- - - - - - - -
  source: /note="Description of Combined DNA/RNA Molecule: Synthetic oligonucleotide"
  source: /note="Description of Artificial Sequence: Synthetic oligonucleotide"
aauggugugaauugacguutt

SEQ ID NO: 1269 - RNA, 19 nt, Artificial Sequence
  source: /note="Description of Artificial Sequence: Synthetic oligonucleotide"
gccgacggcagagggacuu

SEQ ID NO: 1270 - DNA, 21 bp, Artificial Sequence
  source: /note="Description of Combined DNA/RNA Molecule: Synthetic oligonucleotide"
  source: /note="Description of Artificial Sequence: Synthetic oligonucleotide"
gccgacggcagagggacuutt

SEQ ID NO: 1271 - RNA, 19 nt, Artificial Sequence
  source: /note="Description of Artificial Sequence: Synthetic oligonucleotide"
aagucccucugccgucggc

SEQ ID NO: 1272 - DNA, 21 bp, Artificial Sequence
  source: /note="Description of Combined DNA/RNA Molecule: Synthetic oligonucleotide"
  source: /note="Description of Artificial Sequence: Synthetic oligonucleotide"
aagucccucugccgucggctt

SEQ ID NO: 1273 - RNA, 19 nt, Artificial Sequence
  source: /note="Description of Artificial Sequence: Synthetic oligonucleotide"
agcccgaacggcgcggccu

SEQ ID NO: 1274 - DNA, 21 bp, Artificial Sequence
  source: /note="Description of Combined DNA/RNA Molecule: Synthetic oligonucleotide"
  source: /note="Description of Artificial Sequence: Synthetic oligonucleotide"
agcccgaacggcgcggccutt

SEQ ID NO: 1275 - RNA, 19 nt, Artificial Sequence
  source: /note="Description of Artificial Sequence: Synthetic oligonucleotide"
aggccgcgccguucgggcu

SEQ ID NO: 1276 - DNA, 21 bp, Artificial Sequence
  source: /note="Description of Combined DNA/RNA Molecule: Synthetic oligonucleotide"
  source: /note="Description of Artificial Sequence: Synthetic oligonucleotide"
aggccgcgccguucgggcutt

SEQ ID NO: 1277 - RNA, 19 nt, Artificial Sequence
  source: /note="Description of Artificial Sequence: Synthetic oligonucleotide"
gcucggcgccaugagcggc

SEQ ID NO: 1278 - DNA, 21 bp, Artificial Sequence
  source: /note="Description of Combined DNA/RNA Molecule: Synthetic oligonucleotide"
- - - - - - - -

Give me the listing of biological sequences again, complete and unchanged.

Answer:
  source: /note="Description of Combined DNA/RNA Molecule: Synthetic oligonucleotide"
  source: /note="Description of Artificial Sequence: Synthetic oligonucleotide"
aauggugugaauugacguutt

SEQ ID NO: 1269 - RNA, 19 nt, Artificial Sequence
  source: /note="Description of Artificial Sequence: Synthetic oligonucleotide"
gccgacggcagagggacuu

SEQ ID NO: 1270 - DNA, 21 bp, Artificial Sequence
  source: /note="Description of Combined DNA/RNA Molecule: Synthetic oligonucleotide"
  source: /note="Description of Artificial Sequence: Synthetic oligonucleotide"
gccgacggcagagggacuutt

SEQ ID NO: 1271 - RNA, 19 nt, Artificial Sequence
  source: /note="Description of Artificial Sequence: Synthetic oligonucleotide"
aagucccucugccgucggc

SEQ ID NO: 1272 - DNA, 21 bp, Artificial Sequence
  source: /note="Description of Combined DNA/RNA Molecule: Synthetic oligonucleotide"
  source: /note="Description of Artificial Sequence: Synthetic oligonucleotide"
aagucccucugccgucggctt

SEQ ID NO: 1273 - RNA, 19 nt, Artificial Sequence
  source: /note="Description of Artificial Sequence: Synthetic oligonucleotide"
agcccgaacggcgcggccu

SEQ ID NO: 1274 - DNA, 21 bp, Artificial Sequence
  source: /note="Description of Combined DNA/RNA Molecule: Synthetic oligonucleotide"
  source: /note="Description of Artificial Sequence: Synthetic oligonucleotide"
agcccgaacggcgcggccutt

SEQ ID NO: 1275 - RNA, 19 nt, Artificial Sequence
  source: /note="Description of Artificial Sequence: Synthetic oligonucleotide"
aggccgcgccguucgggcu

SEQ ID NO: 1276 - DNA, 21 bp, Artificial Sequence
  source: /note="Description of Combined DNA/RNA Molecule: Synthetic oligonucleotide"
  source: /note="Description of Artificial Sequence: Synthetic oligonucleotide"
aggccgcgccguucgggcutt

SEQ ID NO: 1277 - RNA, 19 nt, Artificial Sequence
  source: /note="Description of Artificial Sequence: Synthetic oligonucleotide"
gcucggcgccaugagcggc

SEQ ID NO: 1278 - DNA, 21 bp, Artificial Sequence
  source: /note="Description of Combined DNA/RNA Molecule: Synthetic oligonucleotide"